Forever THAT girl!
Florence Delorez Griffith Joyner was born on December 21, 1959 in Los Angeles, the seventh of 11 children born to parents Florence and Robert Griffith, Women’s Running reports. She took to sports and fashion at an early age, learning to sew from her mother who was a seamstress and earning her competitive nature from her brothers.
“My brothers…they made me very competitive because they would knock me down and I couldn’t cry… If I cried, I wasn’t allowed to continue to play with them, so they helped me as far as my competitive edge is concerned. And in the world of fashion, because they didn’t want me to look like a boy and be out there playing,” Griffith Joyner once told reporters.
As a child, she was a member of the Sugar Ray Robinson Youth Foundation, playing basketball, volleyball, football, and running track. By the time she was in high school, she had won the Jesse Owens National Youth Games two years in a row and set school records in sprints and the long jump. She would go on to become one of the most beloved and iconic track and field stars of all time, winning multiple Olympic medals; influencing popular culture; serving as co-chairwoman on Bill Clinton’s President’s Council on Physical Fitness and Sports and being a mentor to underserved youth through her Flo-Jo International Foundation.
During a time when track and field was still under-monetized, Griffith Joyner became an international symbol of success, commanding appearance fees; designing fashion lines in Japan; uniforms for NBA’s Indianapolis Pacers; becoming a children’s books author; securing brand deals with Coca-Cola and Mitsubishi; appearing in television sitcoms and even boasting her own Flo-Jo Barbie doll.
Before there were any major track and field stars, there was Flo-Jo. In honor of her life, here’s a little bit more about why Florence Griffith Joyner was so iconic:
She is still the fastest woman runner ever.
In 1988, Flo-Jo burst onto the scene, recording times of 10.49 for the 100 meters and 21.34 for the 200 meters. Both records still stand today.
The second fastest women in the world who are alive today are Shelly-Ann Fraser-Pryce, clocking in at 10.63 during the 100-meter this summer, and Gabby Thomas, who won the U.S. Olympic Trials 200 meters at 21.61.
She was a part of a family of Olympic-level athletes.
After high school, Griffith Joyner attended Cal State Northridge, becoming a part of Cal State Coach Bob Kersee’s champion-winning track program. The following year, she was forced to drop out of school due to financial reasons, landing a job as a bank teller to help support her family. When Kersee got an assistant coaching position at UCLA in 1980, he helped Griffith Joyner get financial aid, and she was able to re-enroll in school and get back on the track team. She met her future husband, Al Joyner, at the 1980 Olympic Trials. Joyner would eventually win an Olympic gold medal in 1984. Griffith Joyner began training with Al’s sister, Jakie Joyner-Kersee, who later married their coach, Bob Kersee. The Griffith-Joyner-Kersee family is considered one of the most legendary athletic families in U.S. history.
She had style.
While her skills were captivating, Flo-Jo’s style was even more entrancing. She could often be seen on the track sporting extra-long acrylic nails, flowing hair, and a full face of makeup. The daughter of a seamstress who learned how to sew as early as seven years old, Griffith Joyner oftentimes designed her own racing outfits. She wore fits with lace details, color-blocked bikini bottoms, and her iconic asymmetrical, one-legged bodysuits, which Serena Williams recently paid homage to last year in a similar get-up.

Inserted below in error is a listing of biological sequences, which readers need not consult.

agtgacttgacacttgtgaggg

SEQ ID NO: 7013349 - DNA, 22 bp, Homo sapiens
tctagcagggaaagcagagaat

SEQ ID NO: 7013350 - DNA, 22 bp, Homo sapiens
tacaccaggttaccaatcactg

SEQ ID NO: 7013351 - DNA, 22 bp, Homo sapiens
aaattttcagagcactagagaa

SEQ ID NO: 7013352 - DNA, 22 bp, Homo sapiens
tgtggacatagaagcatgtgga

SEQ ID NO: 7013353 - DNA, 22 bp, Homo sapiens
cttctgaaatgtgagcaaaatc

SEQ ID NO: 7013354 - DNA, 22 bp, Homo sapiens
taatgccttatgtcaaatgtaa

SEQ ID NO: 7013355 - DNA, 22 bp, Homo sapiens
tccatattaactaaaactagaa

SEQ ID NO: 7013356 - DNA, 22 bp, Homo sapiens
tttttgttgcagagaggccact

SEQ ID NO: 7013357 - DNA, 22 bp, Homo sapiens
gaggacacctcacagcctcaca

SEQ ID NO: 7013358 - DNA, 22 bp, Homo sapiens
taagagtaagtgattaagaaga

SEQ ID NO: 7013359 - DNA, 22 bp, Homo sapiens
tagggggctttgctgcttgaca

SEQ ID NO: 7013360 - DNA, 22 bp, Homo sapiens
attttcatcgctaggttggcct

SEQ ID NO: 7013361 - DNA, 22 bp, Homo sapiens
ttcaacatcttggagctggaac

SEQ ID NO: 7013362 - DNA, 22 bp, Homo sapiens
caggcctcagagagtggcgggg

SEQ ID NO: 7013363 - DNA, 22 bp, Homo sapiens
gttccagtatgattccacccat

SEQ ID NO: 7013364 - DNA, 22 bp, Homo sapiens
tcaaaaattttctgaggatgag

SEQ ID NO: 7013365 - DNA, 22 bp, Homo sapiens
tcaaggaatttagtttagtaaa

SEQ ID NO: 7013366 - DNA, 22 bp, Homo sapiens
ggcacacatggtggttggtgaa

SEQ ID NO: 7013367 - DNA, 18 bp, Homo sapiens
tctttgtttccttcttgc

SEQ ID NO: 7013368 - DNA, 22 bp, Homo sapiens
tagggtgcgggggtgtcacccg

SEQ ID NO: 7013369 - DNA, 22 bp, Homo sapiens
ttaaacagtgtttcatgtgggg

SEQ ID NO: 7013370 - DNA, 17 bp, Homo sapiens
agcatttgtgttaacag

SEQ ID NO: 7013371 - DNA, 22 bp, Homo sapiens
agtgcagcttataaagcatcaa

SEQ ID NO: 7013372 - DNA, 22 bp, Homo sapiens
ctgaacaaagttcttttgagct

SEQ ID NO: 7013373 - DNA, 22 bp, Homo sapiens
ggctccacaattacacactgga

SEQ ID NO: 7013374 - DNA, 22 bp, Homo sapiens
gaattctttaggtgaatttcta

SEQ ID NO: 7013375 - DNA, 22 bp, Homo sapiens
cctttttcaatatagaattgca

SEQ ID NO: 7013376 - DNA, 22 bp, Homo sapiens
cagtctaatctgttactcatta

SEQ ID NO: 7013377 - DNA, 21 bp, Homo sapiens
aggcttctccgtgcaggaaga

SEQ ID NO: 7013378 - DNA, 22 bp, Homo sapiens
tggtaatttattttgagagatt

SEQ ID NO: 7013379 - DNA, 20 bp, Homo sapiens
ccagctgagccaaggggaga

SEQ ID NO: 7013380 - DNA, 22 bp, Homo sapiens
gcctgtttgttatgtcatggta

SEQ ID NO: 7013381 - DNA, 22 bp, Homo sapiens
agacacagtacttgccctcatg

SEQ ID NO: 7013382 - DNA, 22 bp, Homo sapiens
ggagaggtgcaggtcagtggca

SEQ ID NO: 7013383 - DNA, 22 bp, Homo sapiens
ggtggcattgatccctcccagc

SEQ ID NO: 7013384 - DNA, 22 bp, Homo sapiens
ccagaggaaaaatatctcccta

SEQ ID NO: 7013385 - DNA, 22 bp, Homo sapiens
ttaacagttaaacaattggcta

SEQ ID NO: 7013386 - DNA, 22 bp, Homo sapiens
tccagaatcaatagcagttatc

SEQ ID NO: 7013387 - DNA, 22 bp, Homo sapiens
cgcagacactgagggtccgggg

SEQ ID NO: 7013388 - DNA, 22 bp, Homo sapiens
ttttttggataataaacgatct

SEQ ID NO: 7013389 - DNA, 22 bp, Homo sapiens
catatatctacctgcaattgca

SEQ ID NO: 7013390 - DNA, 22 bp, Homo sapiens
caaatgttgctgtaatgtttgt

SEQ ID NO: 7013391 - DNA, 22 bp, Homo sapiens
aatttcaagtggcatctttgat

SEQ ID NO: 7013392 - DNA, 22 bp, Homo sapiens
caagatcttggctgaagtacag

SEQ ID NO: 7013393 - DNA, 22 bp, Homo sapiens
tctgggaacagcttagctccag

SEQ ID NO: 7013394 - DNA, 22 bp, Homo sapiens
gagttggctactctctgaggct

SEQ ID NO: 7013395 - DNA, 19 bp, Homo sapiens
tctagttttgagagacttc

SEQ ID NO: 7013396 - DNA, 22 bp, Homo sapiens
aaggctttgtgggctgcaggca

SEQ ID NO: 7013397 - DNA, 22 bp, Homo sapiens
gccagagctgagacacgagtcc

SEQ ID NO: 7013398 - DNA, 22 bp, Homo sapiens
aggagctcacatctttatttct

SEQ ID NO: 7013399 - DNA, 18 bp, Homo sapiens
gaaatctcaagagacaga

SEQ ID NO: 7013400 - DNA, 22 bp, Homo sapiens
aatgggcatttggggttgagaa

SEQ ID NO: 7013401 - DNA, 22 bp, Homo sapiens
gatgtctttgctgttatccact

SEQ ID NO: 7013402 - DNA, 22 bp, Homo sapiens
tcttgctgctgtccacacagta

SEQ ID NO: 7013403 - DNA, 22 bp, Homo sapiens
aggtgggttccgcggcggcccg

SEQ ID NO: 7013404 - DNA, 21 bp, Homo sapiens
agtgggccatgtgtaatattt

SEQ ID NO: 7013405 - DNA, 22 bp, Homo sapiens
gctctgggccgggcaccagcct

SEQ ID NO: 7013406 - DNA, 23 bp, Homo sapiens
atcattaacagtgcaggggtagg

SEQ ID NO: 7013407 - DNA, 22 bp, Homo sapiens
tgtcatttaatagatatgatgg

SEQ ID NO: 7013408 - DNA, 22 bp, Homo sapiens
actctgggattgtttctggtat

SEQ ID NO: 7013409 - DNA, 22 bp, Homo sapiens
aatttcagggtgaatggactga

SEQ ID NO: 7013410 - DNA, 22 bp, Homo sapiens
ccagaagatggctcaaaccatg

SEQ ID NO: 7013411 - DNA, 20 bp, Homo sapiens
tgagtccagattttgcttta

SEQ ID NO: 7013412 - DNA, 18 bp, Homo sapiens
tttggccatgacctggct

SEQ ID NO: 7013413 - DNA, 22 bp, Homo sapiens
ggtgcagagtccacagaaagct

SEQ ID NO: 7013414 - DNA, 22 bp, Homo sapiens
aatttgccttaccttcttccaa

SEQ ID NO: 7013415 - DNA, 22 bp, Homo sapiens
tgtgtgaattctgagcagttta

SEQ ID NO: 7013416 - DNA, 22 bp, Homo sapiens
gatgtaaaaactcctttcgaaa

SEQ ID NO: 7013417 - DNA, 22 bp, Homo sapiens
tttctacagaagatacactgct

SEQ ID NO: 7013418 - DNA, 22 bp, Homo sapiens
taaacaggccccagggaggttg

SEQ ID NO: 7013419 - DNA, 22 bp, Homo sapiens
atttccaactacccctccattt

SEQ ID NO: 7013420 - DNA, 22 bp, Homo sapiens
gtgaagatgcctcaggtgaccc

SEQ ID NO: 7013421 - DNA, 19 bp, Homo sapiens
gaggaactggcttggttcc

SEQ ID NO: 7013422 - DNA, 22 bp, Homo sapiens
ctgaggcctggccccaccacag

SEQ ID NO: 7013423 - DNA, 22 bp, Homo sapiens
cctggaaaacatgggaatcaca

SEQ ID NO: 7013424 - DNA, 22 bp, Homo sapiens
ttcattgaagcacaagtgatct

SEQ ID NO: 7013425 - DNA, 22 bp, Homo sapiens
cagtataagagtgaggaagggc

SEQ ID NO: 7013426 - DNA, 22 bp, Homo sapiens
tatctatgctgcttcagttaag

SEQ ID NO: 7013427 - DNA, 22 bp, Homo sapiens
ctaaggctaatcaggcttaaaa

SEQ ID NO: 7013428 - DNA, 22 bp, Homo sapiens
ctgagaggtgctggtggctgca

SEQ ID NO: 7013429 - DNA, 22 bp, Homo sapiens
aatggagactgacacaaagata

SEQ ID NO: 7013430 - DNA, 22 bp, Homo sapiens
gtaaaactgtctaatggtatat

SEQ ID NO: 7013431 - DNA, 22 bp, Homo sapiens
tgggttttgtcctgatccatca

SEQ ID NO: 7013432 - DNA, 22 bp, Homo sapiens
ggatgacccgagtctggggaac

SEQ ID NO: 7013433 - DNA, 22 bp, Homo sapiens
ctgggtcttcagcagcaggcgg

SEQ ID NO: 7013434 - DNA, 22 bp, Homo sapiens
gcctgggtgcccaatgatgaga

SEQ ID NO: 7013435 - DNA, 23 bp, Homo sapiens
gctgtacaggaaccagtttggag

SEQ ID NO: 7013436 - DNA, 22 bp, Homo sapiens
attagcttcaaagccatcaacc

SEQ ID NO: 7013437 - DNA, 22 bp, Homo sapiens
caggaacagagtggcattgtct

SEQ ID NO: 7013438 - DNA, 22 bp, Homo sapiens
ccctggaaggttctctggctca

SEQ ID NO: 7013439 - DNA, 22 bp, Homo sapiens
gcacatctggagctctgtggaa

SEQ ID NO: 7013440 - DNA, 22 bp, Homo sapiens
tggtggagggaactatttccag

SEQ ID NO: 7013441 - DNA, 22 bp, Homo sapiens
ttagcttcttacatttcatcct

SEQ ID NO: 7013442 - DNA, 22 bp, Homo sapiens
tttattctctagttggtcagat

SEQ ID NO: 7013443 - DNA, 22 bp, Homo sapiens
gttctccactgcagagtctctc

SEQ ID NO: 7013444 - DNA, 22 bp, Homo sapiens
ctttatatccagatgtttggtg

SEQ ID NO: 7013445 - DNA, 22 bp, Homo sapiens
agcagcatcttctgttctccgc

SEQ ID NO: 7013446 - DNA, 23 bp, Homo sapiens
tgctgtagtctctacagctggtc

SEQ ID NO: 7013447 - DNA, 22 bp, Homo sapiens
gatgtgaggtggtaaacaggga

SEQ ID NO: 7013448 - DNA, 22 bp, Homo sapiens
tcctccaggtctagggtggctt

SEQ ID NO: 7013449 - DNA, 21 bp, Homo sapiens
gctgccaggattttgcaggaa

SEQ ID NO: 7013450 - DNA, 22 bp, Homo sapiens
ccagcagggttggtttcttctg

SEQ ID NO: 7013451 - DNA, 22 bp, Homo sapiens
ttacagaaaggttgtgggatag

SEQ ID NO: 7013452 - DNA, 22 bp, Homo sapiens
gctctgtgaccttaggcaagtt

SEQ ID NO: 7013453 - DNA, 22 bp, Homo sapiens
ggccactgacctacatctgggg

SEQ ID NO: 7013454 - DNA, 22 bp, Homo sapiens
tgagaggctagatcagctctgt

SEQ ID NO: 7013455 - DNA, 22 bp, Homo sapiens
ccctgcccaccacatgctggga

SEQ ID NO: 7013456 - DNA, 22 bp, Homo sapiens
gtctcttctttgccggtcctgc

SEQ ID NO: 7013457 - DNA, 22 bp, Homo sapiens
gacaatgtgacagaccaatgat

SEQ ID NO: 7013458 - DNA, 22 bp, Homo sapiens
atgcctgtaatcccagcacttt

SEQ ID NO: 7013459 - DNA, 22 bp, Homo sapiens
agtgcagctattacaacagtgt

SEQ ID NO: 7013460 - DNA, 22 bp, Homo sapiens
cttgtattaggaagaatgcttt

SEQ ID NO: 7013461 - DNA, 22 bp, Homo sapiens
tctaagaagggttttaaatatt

“I was inspired by Flo-Jo, who was a wonderful track athlete, amazing athlete when I was growing up. Well, watching her fashion, just always changing, her outfits were always amazing. This year, we thought of what can we do to keep elevating the Serena Williams [look] on the court. The Nike team actually thought of this design of inspiration from FloJo. I was like, ‘Oh, my God, this is so brilliant.’ She had such amazing style and iconic-ness,” said Williams.
“Dress good to look good. Look good to feel good. And feel good to run fast!,” Griffith Joyner once told reporters.
She left a remarkable legacy.
Today, 24 years after her death, there are athletes still chasing Griffith Joyner’s records. Her impressive athleticism and commitment to craft set the standard for the generations of athletes after her. While Griffith Joyner’s career was short, retiring just months after her record-breaking Olympic run, she continued to be the blueprint. While she and her husband Al started their family in 1990, welcoming a daughter Mary that November, rumors surrounding a potential comeback continued to swirl around her. But Griffith Joyner maintained that her retirement was a result of not being able to keep up with the fitness required to stay in peak performance while juggling the demands of her newfound fame. She never did return to the sport, passing away unexpectedly in her sleep at the age of 38 as a result of an epileptic seizure caused by a congenital brain abnormality.
Today her work lives on, evident in the generation of women athletes who keep her name alive and sojourn on in her honor. In honor of what would have been her 63rd birthday, we pay homage to this legend. Long Live Flo-Jo! Because of her, we can.
Here’s why track and field star Florence Griffith Joyner was so iconic. Photo Courtesy of Tony Duffy/Getty Images